SOYMB is not in the least surprised by the intent of Andy Burnham. We are surprised it is being presented as some new approach. Any secondary school pupils not planning to go to university would be given a clearer "route into work" under new Labour Party plans. The shadow education secretary plans would aim to give every secondary school pupil a path to employment. "Latin is in and engineering is out . Why? It is the thinking of the 1950s," Burnham said. "Government is in danger of preparing young people for a world that no longer exists, by prioritising Latin over engineering and not listening to what employers want." More vocational subjects would be included, such as engineering, business studies and information and communications technology.
State schools have always turned out various grades of worker. In a class-based society such as capitalism education, like much else, is subordinated to the interests of the ruling class. Those interests fundamentally involve the creation of profit which is a vital source of the wealth of the capitalists. Most of education is already geared to the demands of industry and commerce. The main aim of education is to provide the knowledge and skills base necessary for employment in capitalism. Maths, English, science and information technology were established as compulsory subjects up to the minimum school leaving age of 16. In contrast, under the 2002 Education Act, subjects such as history, geography, foreign languages, art and music could be dropped at the age of 14 since most of them were thought to be less relevant to the employment process. The whole curriculum, from start to finish, is conducted within an atmosphere of competition and stress, together with a weeding-out process which segregates those with supposedly superior talents from those less fortunate. This is accomplished through the use of tests, examinations and grading, all of which have a direct bearing upon ultimate occupations and potential earnings. The young already find themselves involved in an intensive training programme, presented under the guise of education.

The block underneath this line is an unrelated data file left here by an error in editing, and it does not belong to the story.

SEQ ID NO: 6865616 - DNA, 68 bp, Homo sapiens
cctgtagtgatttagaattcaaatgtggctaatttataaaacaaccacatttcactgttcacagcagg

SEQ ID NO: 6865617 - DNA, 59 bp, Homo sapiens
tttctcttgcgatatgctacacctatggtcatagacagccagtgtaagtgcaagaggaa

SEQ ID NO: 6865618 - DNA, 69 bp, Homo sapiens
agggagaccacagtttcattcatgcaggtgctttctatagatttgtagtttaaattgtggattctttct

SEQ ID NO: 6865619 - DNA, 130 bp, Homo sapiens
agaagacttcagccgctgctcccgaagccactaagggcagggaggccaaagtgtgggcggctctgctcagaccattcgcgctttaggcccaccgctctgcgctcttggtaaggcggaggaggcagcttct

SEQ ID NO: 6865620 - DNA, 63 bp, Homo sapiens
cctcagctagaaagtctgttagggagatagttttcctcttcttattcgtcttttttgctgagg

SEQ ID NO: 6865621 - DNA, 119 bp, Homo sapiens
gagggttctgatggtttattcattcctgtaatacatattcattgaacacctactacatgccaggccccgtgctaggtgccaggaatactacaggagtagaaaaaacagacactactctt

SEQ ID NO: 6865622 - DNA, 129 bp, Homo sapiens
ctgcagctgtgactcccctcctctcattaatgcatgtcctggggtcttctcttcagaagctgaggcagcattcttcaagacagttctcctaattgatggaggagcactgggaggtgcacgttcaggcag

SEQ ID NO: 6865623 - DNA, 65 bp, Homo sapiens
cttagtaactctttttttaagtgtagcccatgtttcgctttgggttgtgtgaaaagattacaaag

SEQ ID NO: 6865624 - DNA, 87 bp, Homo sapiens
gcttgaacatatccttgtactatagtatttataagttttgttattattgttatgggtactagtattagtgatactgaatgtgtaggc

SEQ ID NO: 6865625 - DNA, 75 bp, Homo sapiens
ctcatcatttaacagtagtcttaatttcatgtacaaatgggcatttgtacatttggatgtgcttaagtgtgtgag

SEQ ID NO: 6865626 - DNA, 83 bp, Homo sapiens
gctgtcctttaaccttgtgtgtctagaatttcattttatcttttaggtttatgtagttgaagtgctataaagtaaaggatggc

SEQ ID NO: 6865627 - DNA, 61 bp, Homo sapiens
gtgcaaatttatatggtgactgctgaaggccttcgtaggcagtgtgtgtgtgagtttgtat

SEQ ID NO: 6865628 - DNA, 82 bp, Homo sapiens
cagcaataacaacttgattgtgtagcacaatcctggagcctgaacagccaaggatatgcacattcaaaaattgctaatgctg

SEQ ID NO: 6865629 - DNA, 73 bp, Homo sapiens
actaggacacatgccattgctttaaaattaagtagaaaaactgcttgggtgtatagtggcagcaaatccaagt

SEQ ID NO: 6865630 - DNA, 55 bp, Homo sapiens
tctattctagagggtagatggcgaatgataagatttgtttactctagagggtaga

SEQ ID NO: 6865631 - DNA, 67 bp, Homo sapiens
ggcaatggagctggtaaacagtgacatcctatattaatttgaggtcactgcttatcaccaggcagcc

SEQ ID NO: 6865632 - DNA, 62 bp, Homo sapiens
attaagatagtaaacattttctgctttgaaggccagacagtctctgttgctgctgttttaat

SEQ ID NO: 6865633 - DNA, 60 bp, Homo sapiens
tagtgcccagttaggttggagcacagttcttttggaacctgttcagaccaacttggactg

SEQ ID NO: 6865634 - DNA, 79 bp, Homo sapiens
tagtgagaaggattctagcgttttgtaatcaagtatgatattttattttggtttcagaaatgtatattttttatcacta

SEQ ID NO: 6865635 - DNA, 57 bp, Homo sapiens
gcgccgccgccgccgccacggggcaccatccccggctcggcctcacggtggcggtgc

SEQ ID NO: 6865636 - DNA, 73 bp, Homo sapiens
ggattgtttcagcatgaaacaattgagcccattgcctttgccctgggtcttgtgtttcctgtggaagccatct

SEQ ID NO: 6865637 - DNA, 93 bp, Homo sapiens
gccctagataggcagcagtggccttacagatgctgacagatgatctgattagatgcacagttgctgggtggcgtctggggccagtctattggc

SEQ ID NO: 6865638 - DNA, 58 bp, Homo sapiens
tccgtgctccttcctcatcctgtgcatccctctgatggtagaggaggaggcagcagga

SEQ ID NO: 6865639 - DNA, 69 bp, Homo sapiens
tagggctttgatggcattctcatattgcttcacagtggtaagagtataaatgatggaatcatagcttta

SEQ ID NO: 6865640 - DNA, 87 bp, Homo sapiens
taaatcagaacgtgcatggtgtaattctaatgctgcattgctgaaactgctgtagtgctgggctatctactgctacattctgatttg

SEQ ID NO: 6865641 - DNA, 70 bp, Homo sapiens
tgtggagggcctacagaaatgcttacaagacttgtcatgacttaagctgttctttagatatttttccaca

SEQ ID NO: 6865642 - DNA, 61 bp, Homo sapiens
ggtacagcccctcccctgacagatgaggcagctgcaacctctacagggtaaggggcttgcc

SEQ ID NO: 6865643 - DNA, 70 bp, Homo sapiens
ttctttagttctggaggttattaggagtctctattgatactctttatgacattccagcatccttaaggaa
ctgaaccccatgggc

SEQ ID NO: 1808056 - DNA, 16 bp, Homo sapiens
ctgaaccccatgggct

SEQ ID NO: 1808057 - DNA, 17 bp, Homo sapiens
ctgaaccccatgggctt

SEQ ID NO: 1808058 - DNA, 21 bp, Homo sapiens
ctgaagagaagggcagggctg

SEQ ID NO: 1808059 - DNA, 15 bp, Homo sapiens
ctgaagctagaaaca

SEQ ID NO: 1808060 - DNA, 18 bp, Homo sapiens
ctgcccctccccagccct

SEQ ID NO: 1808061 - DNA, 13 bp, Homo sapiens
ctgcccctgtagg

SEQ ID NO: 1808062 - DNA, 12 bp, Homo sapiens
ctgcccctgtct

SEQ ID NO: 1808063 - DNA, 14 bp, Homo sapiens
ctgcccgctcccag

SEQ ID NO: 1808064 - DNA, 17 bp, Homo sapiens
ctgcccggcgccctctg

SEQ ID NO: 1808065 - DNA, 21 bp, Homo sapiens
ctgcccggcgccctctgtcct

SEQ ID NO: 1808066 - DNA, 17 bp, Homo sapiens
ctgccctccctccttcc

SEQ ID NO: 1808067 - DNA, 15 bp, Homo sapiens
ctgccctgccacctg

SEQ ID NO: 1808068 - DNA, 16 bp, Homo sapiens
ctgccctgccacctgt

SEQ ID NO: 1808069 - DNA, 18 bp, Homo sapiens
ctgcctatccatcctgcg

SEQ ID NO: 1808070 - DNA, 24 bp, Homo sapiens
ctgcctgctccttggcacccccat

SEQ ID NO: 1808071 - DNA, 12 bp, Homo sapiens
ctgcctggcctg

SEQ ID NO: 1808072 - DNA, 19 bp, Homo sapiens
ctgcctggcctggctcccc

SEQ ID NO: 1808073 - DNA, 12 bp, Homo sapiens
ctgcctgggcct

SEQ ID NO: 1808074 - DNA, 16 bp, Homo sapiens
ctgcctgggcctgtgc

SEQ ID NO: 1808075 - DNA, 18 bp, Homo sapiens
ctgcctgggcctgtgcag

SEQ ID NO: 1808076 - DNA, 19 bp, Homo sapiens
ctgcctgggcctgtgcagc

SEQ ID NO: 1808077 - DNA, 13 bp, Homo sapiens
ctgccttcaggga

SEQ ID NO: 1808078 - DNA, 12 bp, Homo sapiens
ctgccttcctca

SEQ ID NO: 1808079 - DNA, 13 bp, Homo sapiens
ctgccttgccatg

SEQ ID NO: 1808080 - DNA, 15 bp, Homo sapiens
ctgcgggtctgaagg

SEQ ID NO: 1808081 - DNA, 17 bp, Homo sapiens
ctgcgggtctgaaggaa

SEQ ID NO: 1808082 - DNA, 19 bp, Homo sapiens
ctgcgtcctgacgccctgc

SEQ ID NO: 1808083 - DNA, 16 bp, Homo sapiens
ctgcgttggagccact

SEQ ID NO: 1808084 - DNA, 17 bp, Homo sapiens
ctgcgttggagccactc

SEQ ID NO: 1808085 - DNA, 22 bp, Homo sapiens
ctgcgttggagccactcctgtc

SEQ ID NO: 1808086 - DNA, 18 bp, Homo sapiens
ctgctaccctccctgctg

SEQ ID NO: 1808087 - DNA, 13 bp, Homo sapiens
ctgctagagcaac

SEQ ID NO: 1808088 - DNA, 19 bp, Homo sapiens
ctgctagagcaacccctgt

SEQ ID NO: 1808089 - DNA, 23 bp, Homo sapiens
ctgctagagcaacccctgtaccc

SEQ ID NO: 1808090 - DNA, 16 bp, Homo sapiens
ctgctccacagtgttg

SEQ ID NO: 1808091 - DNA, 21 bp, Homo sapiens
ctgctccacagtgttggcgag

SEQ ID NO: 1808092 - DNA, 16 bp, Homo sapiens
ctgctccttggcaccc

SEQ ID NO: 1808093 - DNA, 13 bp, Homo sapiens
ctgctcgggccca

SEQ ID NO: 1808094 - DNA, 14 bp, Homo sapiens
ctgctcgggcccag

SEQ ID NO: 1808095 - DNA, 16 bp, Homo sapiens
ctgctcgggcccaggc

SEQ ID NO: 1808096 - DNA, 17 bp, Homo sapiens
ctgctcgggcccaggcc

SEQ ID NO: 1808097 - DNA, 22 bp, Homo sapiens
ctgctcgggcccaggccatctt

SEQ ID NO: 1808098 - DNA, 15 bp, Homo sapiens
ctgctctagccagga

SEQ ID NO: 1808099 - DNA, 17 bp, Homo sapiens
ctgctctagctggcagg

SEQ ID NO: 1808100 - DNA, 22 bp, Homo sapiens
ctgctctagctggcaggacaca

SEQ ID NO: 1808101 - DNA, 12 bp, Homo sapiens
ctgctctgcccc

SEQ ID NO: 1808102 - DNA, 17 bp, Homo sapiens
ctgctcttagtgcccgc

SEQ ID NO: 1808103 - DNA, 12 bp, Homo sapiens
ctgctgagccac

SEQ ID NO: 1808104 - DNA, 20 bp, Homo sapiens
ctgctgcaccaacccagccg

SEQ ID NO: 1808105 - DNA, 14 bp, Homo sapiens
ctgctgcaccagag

A detailed description of what would education be like in a socialist society cannot be given since it will be up to the people at the time to decide upon exactly which forms education would take. However, it is very clear that, in complete contrast to capitalism, socialism will put human need first. The welfare and needs of people, both as individuals and as a community will be treated as a priority. The importance of developing to the full, the mental, physical and social abilities and talents of everyone, as individuals, will undoubtedly be recognised. Most significantly, education will inevitably be considered a life-long process and certainly not something to be compartmentalised into time slots, like happens under the present system. Humanity will be able to move forward, considerably through genuine and effective education, towards real progress, both as individuals and as a community.
The knowledge and skills needed to run a society which inherits the best from the past and rejects the worst will be circulated and developed, and the ability to think creatively and critically transmitted from generation to generation. True education, the developing of each individual towards his own well-being and that of society, has not yet been attempted. What is necessary for it is the re-organisation not of schools, but of society.